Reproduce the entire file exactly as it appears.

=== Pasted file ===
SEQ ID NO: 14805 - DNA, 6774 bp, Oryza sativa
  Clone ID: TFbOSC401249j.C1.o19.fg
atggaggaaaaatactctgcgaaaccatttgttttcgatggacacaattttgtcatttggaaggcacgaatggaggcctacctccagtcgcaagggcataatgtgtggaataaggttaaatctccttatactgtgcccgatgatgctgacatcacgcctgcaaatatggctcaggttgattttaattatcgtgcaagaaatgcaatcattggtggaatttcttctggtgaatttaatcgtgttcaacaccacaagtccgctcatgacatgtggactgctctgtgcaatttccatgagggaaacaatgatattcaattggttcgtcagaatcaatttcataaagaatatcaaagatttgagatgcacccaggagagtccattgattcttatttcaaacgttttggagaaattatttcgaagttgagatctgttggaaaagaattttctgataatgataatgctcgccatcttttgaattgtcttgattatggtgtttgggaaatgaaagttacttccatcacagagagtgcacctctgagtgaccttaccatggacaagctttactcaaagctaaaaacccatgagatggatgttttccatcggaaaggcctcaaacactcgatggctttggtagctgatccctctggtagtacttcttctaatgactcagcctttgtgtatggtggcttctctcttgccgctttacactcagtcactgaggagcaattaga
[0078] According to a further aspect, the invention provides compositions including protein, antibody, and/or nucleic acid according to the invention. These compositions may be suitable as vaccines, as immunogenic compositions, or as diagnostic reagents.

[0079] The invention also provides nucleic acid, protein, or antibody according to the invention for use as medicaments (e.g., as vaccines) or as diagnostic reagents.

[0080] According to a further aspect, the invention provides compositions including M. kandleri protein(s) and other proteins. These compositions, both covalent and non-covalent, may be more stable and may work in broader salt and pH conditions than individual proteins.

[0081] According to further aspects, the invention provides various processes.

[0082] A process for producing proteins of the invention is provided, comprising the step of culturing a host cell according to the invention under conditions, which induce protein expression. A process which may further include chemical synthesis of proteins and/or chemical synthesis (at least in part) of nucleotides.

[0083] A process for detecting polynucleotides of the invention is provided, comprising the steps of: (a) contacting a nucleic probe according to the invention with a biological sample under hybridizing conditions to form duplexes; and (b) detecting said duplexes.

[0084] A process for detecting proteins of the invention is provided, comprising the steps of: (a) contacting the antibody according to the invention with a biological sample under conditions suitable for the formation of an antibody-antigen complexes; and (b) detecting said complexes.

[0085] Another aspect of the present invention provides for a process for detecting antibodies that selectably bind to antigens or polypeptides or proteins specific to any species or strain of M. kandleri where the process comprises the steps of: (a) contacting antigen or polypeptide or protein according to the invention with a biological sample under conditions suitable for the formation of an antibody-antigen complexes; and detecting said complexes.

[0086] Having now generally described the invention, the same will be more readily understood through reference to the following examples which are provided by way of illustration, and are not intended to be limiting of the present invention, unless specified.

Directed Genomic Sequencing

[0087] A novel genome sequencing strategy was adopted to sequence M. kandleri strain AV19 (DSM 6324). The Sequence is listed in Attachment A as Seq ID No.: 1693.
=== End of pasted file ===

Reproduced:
SEQ ID NO: 14805 - DNA, 6774 bp, Oryza sativa
  Clone ID: TFbOSC401249j.C1.o19.fg
atggaggaaaaatactctgcgaaaccatttgttttcgatggacacaattttgtcatttggaaggcacgaatggaggcctacctccagtcgcaagggcataatgtgtggaataaggttaaatctccttatactgtgcccgatgatgctgacatcacgcctgcaaatatggctcaggttgattttaattatcgtgcaagaaatgcaatcattggtggaatttcttctggtgaatttaatcgtgttcaacaccacaagtccgctcatgacatgtggactgctctgtgcaatttccatgagggaaacaatgatattcaattggttcgtcagaatcaatttcataaagaatatcaaagatttgagatgcacccaggagagtccattgattcttatttcaaacgttttggagaaattatttcgaagttgagatctgttggaaaagaattttctgataatgataatgctcgccatcttttgaattgtcttgattatggtgtttgggaaatgaaagttacttccatcacagagagtgcacctctgagtgaccttaccatggacaagctttactcaaagctaaaaacccatgagatggatgttttccatcggaaaggcctcaaacactcgatggctttggtagctgatccctctggtagtacttcttctaatgactcagcctttgtgtatggtggcttctctcttgccgctttacactcagtcactgaggagcaattaga
[0078] According to a further aspect, the invention provides compositions including protein, antibody, and/or nucleic acid according to the invention. These compositions may be suitable as vaccines, as immunogenic compositions, or as diagnostic reagents.

[0079] The invention also provides nucleic acid, protein, or antibody according to the invention for use as medicaments (e.g., as vaccines) or as diagnostic reagents.

[0080] According to a further aspect, the invention provides compositions including M. kandleri protein(s) and other proteins. These compositions, both covalent and non-covalent, may be more stable and may work in broader salt and pH conditions than individual proteins.

[0081] According to further aspects, the invention provides various processes.

[0082] A process for producing proteins of the invention is provided, comprising the step of culturing a host cell according to the invention under conditions, which induce protein expression. A process which may further include chemical synthesis of proteins and/or chemical synthesis (at least in part) of nucleotides.

[0083] A process for detecting polynucleotides of the invention is provided, comprising the steps of: (a) contacting a nucleic probe according to the invention with a biological sample under hybridizing conditions to form duplexes; and (b) detecting said duplexes.

[0084] A process for detecting proteins of the invention is provided, comprising the steps of: (a) contacting the antibody according to the invention with a biological sample under conditions suitable for the formation of an antibody-antigen complexes; and (b) detecting said complexes.

[0085] Another aspect of the present invention provides for a process for detecting antibodies that selectably bind to antigens or polypeptides or proteins specific to any species or strain of M. kandleri where the process comprises the steps of: (a) contacting antigen or polypeptide or protein according to the invention with a biological sample under conditions suitable for the formation of an antibody-antigen complexes; and detecting said complexes.

[0086] Having now generally described the invention, the same will be more readily understood through reference to the following examples which are provided by way of illustration, and are not intended to be limiting of the present invention, unless specified.

Directed Genomic Sequencing

[0087] A novel genome sequencing strategy was adopted to sequence M. kandleri strain AV19 (DSM 6324). The Sequence is listed in Attachment A as Seq ID No.: 1693.